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Polish Food in Muslim Countries

Send Print Download added: | 2012-09-27 14:25:44

Polish Food in Muslim Countries

Despite some still existing barriers, exports of Polish food to Muslim countries are on the rise.

Polish food exports have been steadily growing in recent years. Polish food is valued for its quality and flavor. The great majority of Polish exports go to the European Union, but Polish producers are starting to conquer new markets as well. The most promising non-European markets are China, South Korea, Vietnam and the Arab countries.

Preliminary data for 2011 show that total agri-food exports from Poland to Arab markets (Syria, Lebanon, Jordan, Saudi Arabia, Yemen, Oman, the United Arab Emirates, Qatar, Kuwait, Iraq, Morocco, Algeria, Tunisia, Egypt, Libya) and Turkey were worth 591 million euros, an increase of 36 percent from 2010. The share of these countries in Polish agri-food exports overall was about 4 percent in 2011.

In terms of exports to Muslim countries, the biggest slice of the pie goes to Turkey-48 percent, Algeria-12 percent, and Saudi Arabia-10 percent. The main products exported to these countries include beef (chiefly to Turkey), powdered milk, cheese, chocolate and other goods containing cocoa. These commodities account for about 70 percent of total agri-food exports. Other major product groups include sugar syrups, processed food obtained by the roasting of cereals or cereal products, sugar as well as biscuits and wafers.

Poland has traditional links with the Middle East when it comes to purebred Arabian horses. For almost 20 years, countries like Qatar, the UAE, Saudi Arabia, Jordan, Turkey and Morocco have been the biggest customers buying Polish mares and stallions for breeding. This cooperation also includes the exchange of breeding ideas, programs, hiring of stallions and mares, purchases of embryos and training of race and endurance horses.

A tradition of links between Poland and Muslim countries, the size of the market as well as relative geographical proximity make countries in the Persian Gulf an attractive option for exporters of Polish food. In addition, the current political developments in many of these countries suggest they will increase their food imports in order to avoid social unrest.

Potential areas of cooperation with these countries in the case of the agri-food sector include grain, beef, poultry, processed food including dairy products, beef and poultry cold cuts, fruit and vegetable products, fruit and herbal teas and baked goods, construction of food processing plants, agricultural tools and machinery.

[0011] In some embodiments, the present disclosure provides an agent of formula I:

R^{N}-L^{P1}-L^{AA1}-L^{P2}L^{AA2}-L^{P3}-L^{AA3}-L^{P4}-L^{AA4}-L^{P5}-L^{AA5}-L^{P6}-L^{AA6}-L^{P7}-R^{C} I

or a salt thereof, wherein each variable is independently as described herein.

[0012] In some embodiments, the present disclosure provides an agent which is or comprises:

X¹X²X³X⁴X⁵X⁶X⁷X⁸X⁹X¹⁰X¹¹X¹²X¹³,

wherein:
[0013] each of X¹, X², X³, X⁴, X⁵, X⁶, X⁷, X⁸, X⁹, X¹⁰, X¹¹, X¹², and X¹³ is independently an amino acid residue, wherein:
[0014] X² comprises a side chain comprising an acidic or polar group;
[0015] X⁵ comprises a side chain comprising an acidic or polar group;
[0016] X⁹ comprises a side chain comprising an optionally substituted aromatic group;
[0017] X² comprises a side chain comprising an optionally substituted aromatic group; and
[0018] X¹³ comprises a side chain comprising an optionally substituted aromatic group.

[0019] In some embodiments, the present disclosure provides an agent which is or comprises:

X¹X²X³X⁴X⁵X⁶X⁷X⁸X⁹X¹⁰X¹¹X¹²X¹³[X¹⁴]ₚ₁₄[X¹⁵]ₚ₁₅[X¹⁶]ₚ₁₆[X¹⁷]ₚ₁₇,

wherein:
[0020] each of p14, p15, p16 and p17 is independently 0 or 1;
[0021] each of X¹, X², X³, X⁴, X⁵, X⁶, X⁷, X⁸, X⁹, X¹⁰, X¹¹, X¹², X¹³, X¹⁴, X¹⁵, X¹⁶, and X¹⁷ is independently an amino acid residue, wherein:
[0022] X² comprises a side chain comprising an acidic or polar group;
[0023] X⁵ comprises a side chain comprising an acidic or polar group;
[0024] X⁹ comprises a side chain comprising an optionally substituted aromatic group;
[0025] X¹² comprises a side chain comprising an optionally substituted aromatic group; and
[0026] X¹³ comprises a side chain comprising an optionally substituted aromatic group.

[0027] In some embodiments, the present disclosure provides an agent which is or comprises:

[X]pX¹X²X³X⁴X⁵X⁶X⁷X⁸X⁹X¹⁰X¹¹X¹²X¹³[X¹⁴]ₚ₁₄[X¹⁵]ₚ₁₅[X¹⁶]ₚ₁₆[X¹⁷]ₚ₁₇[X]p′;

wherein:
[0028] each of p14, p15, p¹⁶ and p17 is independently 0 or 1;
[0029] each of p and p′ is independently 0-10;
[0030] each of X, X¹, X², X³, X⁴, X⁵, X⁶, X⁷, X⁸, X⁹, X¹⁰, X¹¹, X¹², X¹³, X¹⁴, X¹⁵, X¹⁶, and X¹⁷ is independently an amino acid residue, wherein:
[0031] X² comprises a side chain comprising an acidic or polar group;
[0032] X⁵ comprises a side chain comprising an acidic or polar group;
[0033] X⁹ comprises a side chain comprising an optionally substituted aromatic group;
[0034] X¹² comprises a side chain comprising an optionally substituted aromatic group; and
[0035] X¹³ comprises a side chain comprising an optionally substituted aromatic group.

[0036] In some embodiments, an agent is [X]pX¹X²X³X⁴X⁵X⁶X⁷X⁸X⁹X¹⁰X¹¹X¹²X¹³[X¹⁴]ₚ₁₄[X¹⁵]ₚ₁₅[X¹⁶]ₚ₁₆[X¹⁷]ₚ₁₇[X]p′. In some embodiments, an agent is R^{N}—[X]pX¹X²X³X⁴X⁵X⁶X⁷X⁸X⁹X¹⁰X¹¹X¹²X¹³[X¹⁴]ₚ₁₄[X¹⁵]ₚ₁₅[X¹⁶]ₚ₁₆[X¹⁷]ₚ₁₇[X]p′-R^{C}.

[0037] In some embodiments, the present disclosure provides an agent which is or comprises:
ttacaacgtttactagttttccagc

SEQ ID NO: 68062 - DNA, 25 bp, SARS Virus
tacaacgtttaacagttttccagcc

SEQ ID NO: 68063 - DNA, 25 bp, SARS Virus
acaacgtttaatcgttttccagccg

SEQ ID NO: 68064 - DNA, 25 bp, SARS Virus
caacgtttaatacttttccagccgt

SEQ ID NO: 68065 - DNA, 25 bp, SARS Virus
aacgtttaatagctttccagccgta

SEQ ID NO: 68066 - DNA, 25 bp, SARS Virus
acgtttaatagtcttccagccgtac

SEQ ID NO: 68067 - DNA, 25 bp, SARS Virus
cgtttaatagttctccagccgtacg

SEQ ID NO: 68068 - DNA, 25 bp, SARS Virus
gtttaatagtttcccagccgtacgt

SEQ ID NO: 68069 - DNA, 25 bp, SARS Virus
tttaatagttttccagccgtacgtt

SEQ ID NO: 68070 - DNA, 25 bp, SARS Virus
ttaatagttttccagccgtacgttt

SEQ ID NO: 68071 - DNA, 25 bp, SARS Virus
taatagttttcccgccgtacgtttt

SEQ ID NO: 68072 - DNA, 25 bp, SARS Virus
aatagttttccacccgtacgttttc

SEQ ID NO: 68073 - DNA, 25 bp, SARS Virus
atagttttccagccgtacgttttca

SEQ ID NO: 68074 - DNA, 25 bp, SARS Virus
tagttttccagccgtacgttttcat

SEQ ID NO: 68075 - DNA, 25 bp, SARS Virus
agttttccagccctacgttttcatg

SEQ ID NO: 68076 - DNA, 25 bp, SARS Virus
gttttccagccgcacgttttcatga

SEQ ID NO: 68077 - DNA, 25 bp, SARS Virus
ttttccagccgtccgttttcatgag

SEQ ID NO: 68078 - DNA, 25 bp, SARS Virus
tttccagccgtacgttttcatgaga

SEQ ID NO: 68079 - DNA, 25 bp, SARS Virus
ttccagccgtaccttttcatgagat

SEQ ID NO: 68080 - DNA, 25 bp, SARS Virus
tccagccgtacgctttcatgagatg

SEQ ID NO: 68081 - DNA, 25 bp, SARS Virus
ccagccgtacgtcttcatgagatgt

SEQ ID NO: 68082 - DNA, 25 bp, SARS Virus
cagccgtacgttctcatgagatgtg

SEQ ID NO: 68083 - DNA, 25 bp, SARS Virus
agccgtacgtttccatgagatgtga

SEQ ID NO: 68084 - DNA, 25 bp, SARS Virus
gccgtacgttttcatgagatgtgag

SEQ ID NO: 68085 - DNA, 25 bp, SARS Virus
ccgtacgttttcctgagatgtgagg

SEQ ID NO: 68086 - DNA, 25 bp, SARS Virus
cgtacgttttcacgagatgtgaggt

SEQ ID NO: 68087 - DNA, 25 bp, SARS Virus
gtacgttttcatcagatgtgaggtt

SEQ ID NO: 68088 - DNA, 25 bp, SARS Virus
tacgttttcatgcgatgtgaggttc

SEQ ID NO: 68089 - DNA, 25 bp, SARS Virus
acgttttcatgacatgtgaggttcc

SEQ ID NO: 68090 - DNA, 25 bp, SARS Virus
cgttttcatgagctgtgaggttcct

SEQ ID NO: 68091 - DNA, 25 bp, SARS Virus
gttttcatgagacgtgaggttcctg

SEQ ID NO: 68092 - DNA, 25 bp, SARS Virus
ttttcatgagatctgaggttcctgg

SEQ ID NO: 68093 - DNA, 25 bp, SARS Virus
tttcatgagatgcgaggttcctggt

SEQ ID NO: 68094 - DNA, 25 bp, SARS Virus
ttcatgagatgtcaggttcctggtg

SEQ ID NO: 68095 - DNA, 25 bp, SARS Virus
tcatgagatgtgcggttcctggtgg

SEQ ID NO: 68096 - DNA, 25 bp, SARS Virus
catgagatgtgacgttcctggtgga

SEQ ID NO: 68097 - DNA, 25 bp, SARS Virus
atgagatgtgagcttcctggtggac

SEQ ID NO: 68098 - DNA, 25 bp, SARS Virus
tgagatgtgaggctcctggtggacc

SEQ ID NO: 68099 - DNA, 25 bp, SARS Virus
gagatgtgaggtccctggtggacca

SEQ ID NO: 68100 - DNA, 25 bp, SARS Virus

Polish food exports to Arab markets would develop much more quickly if certain barriers did not exist. Among them are cultural differences that create additional difficulties, to mention bans on imports of pork, game and alcohol as well as a broadly interpreted ban on the distribution of publications that run contrary to Islamic sensibilities, which often means separate promotional materials and packaging have to be designed for Arab markets.

Other major obstacles are the result of measures protecting local production (import licenses, customs tariffs and clearance, extra fees, stringent requirements for imported goods, certification of foodstuffs). Moreover, there is strong competition from companies from developed countries; another factor is the privileged position enjoyed by goods from Arab countries. The promotion of Polish brands is hindered by the high cost of taking part in trade fairs and exhibitions.

Though many barriers still exist, agri-food products currently make up a relatively large proportion of Polish exports to Arab markets and Turkey. Exports of agri-food products do not face any special tariff barriers (the customs duty on these goods is mostly either very low or zero). Further development of Polish agri-food exports to these markets is also supported by factors such as Polish agriculture's great potential, the complementary character of the Polish economy and the economies of most Arab countries and, in the case of the Persian Gulf countries, their substantial economic development, significant capital resources and consumers' purchasing power. The rapid population growth in these countries means a steady growth in demand for foodstuffs.

As regards countries of the southern Mediterranean region, under the Euro-Mediterranean Free Trade Area (Euromed FTA) currently being established, agri-food trade between the European Union and these countries will be completely liberalized. Over several years, as trade in foodstuffs between the EU and Arab countries is liberalized, an increase in Polish exports to these countries can be expected.

Furthermore, a large part of Polish agri-food products finds their way to Arab consumers via some Western European countries that have a substantial number of Muslim citizens, as goods consumed in those countries or re-exported from them to Arab countries.  
Source: The Warsaw Voice

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